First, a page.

The Maldives faces significant economic risks from rising spending, high debt, and external shocks, despite a projected 6.5 percent growth in real Gross Domestic Product (GDP) in 2023 and an average of 5.4 percent from 2024 to 2025, the World Bank says.

In its latest Maldives Development Update ‘Batten Down the Hatches’ which was released last month but was showcased in a presentation on Wednesday at the Maldives National University (MNU), the World Bank was cautiously optimistic in their forecast for the Maldives’ economic trajectory, anchored by the robust performance of the tourism industry. However, the country faces significant fiscal challenges, exacerbated by global commodity price surges, escalated government expenditure on capital projects and subsidies, and the central bank’s ongoing budget deficit financing, the international finance agency outlined.

These issues require immediate and decisive fiscal reforms including better management practices for public investment moving toward, targeted subsidies, increasing revenues, and prudent debt management for a meaningful fiscal adjustment, the World Bank said.

While Maldives had plans to reduce fiscal deficits, the country has failed to achieve its targets so far and national debt is projected to hover above 115 percent of GDP over the medium term. Earlier this year, the government increased Goods and Services Tax (GST) rates, yet more decisive and prompt actions are required, particularly on the expenditure side as the expected subsidy reforms for 2023 have been delayed, the international financial institution warned.

For fiscal prudence, the Maldives must urgently refine its expenditure strategy and enhance revenue generation and essential reforms include overhauling Aasandha, rationalising budgetary contributions for state-owned enterprises (SOE)s particularly in the energy and food sectors and moving towards targeted subsidies, and establishing a robust public investment framework to ensure orderly and strategic infrastructure development, the agency advised. On revenue enhancement, the report notes that, immediate efforts should concentrate on expanding the tax base, leveraging domestic revenue streams and promoting equitable taxation.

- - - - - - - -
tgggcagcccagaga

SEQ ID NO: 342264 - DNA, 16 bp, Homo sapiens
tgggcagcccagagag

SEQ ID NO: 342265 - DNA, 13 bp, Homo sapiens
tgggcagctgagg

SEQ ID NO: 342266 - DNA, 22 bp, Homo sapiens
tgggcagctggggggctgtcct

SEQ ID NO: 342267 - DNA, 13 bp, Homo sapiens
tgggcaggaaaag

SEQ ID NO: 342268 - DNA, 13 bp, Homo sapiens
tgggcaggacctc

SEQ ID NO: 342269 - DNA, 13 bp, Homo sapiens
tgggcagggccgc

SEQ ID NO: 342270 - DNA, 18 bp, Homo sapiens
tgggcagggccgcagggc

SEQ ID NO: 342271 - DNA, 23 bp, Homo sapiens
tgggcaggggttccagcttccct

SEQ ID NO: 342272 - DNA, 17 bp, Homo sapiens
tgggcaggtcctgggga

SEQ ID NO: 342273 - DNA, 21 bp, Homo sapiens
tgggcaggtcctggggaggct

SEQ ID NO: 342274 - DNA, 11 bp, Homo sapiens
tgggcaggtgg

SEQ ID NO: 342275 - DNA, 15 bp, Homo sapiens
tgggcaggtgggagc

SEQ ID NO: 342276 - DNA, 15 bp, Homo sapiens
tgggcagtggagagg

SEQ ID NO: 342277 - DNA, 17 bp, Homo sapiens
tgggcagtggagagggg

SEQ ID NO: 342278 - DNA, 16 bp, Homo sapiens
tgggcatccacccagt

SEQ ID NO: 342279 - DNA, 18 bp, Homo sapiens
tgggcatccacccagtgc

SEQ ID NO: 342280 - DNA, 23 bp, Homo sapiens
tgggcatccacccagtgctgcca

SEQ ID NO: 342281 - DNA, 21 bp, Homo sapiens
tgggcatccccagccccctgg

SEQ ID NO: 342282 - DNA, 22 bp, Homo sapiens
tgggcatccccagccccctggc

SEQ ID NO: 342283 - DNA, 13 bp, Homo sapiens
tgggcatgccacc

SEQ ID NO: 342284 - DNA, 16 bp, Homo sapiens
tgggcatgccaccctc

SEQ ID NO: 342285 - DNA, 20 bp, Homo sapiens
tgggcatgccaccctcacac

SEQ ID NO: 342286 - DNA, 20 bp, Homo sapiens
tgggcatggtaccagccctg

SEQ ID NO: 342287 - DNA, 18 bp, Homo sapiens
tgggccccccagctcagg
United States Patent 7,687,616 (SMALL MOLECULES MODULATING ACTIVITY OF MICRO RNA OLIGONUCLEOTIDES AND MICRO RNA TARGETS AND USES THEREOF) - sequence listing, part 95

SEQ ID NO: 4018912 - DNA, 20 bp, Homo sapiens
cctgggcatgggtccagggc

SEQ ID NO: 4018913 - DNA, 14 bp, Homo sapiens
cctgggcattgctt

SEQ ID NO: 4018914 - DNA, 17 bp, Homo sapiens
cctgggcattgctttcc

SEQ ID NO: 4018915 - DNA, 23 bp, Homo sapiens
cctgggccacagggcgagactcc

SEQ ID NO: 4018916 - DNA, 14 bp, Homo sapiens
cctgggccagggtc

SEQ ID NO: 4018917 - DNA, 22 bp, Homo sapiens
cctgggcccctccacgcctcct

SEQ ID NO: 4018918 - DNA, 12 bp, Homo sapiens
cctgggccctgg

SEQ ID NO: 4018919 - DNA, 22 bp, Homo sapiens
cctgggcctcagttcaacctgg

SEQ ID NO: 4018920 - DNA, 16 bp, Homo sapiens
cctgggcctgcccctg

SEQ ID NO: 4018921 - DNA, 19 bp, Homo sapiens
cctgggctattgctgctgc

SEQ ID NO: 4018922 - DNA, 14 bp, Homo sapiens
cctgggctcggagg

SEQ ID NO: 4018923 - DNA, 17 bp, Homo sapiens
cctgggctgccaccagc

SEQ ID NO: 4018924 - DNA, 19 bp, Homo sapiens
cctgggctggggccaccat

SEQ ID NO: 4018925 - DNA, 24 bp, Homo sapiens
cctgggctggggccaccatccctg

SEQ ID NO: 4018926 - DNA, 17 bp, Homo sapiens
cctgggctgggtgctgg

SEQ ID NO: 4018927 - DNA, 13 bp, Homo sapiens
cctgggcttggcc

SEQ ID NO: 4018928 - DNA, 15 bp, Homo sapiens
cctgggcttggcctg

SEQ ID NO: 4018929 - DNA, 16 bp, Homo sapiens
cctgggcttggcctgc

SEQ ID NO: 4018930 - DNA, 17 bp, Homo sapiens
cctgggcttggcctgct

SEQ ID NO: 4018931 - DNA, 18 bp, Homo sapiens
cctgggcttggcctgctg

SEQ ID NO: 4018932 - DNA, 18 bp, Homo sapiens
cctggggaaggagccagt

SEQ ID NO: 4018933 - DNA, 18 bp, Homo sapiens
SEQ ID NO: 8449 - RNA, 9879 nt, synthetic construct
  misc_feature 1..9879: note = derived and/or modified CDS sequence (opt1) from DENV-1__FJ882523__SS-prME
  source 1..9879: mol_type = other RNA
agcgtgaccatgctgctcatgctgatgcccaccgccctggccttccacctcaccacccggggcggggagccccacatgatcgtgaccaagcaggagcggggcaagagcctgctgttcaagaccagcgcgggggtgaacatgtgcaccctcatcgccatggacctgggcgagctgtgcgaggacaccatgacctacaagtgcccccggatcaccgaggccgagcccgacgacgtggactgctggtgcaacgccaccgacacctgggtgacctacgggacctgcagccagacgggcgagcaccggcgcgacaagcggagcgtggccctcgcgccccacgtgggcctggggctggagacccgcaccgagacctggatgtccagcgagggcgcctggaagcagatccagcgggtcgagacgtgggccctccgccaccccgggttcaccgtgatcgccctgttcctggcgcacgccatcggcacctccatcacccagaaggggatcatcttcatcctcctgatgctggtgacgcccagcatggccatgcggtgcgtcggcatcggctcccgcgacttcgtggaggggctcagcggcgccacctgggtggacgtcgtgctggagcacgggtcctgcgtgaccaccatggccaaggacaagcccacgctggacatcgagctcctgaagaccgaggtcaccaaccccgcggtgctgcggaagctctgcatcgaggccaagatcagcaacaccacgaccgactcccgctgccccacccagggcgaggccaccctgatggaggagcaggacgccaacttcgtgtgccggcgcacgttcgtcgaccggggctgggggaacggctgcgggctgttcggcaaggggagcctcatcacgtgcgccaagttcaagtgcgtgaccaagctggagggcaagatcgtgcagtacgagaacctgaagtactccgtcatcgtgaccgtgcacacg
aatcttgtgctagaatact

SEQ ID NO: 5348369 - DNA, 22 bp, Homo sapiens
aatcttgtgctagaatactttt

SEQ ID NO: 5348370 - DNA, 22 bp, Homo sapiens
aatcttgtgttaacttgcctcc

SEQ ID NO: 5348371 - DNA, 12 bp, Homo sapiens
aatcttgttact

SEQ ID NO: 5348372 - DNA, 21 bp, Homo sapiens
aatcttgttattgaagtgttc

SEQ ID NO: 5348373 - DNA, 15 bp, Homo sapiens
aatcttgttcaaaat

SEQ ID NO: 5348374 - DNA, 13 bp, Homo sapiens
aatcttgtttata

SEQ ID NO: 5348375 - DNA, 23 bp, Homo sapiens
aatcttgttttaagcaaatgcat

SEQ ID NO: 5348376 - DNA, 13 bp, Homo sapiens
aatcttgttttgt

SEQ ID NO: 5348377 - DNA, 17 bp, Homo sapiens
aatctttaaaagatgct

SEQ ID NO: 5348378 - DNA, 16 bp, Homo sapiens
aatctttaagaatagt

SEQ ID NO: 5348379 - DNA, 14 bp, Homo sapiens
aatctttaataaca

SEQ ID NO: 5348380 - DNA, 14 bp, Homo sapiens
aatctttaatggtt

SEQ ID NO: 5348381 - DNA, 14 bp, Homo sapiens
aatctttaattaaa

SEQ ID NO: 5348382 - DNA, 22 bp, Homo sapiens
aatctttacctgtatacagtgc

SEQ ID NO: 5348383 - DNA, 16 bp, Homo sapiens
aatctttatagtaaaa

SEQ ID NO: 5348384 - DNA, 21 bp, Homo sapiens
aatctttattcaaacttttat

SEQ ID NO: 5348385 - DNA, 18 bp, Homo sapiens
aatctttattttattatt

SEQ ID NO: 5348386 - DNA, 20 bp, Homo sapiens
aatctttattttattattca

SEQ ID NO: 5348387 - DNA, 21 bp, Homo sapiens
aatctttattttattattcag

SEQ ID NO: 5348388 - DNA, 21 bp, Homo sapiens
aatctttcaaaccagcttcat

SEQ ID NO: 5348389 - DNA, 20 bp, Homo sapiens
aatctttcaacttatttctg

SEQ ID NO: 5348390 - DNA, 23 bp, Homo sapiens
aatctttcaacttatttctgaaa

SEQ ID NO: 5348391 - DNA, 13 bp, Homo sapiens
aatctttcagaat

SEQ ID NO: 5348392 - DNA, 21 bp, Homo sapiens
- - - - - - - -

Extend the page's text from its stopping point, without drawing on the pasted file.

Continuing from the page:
While the Maldives has shown remarkable resilience and recovery from the COVID-19 pandemic, there remains a need to be vigilant towards emerging shocks such as conflicts around the world, price volatilities in global markets, and high inflation affecting the disposable income of people in major tourist markets, the agency noted.

“There is an urgent need to address the country’s fiscal and external vulnerabilities, especially through prudent debt management and expenditure reform measures, and develop a sustainable and resilient infrastructure investment framework, to ensure long-term growth and prosperity for its people,” said Faris H. Hadad-Zervos, the World Bank Country Director for Maldives, Nepal and Sri Lanka.

During the sessions at MNU today, experts indicated that Maldives had achieved remarkable results in basic infrastructure services, outperforming many neighbours and other Small Island Developing States (SIDS). Access to electricity, mobile phone services and hospitals, education, etc. was at a much higher ratio than in other comparable nations; achievements that are largely due to a rapid increase in public spending, which has grown faster than the country’s real GDP – a lot of the spending has gone towards infrastructure for transport, housing, and land reclamation, the agency noted.

However, as a result of rising infrastructure spending, public debt sharply increased to finance these projects, especially during the COVID-19 crisis and Maldives is subject to major fiscal vulnerabilities as there are still big gaps in infrastructure access between Malé and the outer atolls, where many people lack services like piped water, sewage, and broadband internet, the World Bank observed.

While the Maldives is trying to close these gaps, the country faces many challenges common to SIDS, like the worsening impacts of climate change and limited fiscal space; challenges which make it difficult for the country to provide efficient and affordable infrastructure services, the international financial agency noted.

The World Bank went on to recommend that, to improve, Maldives needs to take into account the high public debt reality, carefully and precisely plan for investments, and coordinate better among different stakeholders, especially for projects that involve multiple sectors. The country also needs to prioritise sustainability and resilience, given its exposure to climate change, the World Bank cautioned.